Neural probe design for reduced tissue encapsulation in CNS
This study investigated relationships between a microscale neural probe's size and shape and its chronic reactive tissue response. Parylene-based probes were microfabricated with a thick shank (48 μm by 68 μm) and an integrated thin lateral platform (5 μm by 100 μm, either solid or one of three lattice sizes). Devices were implanted in rat cerebral cortex for 4 weeks before immunostaining for neurons, astrocytes, microglia, fibronectin, laminin, and neurofilament. While nonneuronal density (NND) generally increased and neuronal density decreased within 75 μm of a probe interface compared to unimplanted control regions, there were significant differential tissue responses within 25 μm of the platform's lateral edge compared to the shank. The NND in this region of the lateral edge was less than one-third of the corresponding region of the shank (129% and 425% increase, respectively). Moreover, neuronal density around the platform lateral edge was about one-third higher than at the shank (0.70 and 0.52 relative to control, respectively). Also, microglia reactivity and extracellular protein deposition was reduced at the lateral edge. There were no significant differences among platform designs. These results suggest that neural probe geometry is an important parameter for reducing chronic tissue encapsulation.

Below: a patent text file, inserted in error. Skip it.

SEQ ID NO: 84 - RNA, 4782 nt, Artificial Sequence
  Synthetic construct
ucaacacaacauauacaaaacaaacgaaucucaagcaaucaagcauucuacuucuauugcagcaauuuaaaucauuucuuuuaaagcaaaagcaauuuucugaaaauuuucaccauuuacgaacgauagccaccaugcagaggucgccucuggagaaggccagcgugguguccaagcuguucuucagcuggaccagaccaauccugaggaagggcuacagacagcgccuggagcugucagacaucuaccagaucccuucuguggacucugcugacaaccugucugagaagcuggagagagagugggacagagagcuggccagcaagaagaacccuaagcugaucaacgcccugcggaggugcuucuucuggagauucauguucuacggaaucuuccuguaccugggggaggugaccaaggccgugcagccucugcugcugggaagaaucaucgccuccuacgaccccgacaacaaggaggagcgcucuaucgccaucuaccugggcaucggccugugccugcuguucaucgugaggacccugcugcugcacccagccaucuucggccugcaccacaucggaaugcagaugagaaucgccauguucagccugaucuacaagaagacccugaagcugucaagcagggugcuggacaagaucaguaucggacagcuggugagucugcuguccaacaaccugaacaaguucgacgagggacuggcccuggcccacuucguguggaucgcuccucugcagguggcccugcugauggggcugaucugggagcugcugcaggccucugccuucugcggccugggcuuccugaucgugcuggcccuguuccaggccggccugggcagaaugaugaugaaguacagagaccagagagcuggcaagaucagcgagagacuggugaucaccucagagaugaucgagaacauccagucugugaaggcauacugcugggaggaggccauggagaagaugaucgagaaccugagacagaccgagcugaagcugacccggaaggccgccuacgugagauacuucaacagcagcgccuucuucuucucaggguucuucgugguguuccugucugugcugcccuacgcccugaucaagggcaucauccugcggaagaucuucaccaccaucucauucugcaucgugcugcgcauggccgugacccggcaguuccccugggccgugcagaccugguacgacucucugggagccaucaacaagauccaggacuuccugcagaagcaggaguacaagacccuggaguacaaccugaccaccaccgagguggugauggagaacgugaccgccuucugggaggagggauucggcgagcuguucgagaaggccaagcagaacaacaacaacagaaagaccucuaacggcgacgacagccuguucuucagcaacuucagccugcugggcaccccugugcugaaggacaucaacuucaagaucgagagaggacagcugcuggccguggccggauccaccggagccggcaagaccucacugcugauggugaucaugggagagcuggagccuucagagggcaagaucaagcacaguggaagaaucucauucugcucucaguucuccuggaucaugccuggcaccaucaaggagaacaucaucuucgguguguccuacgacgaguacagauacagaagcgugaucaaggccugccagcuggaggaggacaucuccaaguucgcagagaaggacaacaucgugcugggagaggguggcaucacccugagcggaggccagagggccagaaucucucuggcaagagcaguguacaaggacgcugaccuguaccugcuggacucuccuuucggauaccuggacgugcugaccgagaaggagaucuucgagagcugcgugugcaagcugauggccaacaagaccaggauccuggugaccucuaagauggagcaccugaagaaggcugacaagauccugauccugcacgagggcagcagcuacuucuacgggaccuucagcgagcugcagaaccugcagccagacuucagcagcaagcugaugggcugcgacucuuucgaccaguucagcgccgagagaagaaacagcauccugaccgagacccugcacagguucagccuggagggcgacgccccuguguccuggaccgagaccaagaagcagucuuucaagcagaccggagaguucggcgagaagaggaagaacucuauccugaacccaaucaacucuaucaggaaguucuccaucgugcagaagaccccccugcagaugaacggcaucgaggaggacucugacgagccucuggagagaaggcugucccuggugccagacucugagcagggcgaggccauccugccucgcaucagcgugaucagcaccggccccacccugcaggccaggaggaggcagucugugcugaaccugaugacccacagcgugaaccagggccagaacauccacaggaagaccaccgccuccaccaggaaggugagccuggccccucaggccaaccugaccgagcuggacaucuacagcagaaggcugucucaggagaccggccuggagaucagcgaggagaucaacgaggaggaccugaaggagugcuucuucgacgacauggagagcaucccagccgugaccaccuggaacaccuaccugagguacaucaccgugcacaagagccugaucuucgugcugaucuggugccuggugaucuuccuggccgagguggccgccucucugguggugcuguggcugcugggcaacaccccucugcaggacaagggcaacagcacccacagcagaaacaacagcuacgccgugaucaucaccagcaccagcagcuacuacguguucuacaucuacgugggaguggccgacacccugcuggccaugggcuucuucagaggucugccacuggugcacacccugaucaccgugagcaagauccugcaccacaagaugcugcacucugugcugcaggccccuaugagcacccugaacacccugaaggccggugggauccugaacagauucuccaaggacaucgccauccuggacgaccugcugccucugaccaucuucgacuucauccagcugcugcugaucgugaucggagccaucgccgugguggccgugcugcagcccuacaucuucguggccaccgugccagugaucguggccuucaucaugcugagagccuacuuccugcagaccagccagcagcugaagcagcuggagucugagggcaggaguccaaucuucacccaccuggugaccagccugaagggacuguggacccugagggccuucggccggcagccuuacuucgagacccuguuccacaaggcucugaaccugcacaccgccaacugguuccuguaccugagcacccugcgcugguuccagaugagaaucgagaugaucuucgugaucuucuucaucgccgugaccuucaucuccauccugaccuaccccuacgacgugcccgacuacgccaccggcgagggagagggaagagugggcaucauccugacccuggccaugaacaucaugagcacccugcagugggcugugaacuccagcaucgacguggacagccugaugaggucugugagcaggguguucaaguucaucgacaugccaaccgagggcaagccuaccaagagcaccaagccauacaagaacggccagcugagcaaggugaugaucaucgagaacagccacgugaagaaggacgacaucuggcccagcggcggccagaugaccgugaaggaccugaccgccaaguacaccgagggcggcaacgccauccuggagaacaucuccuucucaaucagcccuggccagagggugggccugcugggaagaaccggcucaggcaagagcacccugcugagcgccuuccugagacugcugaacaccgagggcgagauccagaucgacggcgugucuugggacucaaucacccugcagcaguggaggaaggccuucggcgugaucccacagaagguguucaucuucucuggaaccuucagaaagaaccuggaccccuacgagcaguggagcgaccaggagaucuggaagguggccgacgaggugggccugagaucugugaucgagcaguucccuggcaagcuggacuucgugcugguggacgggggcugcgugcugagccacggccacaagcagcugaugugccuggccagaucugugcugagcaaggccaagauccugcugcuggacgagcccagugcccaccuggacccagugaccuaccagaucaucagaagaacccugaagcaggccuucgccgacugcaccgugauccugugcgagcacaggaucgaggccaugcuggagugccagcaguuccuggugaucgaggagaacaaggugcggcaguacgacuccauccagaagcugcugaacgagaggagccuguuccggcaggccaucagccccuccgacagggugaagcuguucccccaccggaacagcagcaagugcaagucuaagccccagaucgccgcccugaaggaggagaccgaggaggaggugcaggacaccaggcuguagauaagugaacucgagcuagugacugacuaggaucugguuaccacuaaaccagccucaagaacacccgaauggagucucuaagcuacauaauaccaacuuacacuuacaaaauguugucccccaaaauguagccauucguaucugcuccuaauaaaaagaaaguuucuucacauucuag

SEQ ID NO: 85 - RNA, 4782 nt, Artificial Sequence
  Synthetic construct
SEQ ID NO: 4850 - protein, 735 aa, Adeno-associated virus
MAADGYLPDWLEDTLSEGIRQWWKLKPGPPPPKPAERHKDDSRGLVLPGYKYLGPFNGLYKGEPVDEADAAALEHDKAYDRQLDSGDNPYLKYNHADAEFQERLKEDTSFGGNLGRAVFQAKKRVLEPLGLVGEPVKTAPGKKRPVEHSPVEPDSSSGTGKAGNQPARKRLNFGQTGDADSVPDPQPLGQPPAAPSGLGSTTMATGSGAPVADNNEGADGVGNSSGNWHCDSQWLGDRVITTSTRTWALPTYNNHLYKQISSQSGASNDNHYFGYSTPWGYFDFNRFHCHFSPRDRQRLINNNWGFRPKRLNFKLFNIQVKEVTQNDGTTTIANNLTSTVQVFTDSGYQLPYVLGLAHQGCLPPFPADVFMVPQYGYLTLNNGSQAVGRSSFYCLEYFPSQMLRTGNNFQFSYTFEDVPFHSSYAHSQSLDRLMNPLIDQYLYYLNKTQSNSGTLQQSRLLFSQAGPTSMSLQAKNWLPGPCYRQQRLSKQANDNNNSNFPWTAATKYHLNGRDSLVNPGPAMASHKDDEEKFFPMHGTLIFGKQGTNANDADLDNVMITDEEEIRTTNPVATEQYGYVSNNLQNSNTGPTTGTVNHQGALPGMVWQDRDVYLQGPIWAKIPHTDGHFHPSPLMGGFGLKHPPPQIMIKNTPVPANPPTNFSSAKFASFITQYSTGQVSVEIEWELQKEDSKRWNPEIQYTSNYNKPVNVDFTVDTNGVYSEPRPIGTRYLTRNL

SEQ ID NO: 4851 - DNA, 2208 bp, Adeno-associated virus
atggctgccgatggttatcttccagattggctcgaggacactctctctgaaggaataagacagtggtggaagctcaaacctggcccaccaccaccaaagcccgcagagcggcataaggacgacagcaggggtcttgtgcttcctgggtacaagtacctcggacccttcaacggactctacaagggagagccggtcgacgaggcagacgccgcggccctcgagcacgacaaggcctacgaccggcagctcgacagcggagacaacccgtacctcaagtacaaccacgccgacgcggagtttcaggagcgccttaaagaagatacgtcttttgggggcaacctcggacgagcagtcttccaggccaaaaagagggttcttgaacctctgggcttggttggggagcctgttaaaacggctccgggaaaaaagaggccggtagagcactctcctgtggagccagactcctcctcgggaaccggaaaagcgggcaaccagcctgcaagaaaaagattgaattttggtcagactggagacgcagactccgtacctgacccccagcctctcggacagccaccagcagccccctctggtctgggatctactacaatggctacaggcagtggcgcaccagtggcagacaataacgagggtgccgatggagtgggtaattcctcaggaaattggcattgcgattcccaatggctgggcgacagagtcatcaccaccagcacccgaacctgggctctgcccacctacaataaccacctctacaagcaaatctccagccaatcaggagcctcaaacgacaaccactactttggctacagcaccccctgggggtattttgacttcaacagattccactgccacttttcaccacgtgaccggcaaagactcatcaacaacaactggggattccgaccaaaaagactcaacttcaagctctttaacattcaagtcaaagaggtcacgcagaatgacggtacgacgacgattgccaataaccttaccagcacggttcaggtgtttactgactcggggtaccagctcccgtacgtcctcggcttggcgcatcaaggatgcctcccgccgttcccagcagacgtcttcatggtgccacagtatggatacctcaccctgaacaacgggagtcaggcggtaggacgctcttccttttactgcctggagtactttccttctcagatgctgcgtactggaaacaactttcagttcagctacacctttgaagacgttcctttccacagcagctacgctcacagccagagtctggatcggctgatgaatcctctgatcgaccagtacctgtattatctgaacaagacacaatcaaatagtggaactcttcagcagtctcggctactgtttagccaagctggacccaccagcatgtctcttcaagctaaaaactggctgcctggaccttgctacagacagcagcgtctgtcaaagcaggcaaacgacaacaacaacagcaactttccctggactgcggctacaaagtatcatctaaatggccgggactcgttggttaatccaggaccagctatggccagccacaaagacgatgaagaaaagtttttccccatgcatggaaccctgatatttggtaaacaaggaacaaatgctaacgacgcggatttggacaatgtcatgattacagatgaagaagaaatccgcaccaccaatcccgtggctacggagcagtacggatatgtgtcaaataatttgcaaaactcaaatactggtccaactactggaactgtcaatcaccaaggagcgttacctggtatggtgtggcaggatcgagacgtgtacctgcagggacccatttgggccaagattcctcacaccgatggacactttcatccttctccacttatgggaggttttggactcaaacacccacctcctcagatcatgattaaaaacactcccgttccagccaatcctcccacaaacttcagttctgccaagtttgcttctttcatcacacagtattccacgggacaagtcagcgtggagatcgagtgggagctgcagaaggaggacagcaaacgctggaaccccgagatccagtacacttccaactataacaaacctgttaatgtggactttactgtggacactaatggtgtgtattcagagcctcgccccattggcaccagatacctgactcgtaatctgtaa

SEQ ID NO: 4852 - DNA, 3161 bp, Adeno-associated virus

Journal: Biomaterials - Volume 28, Issue 25, September 2007, Pages 3594–3607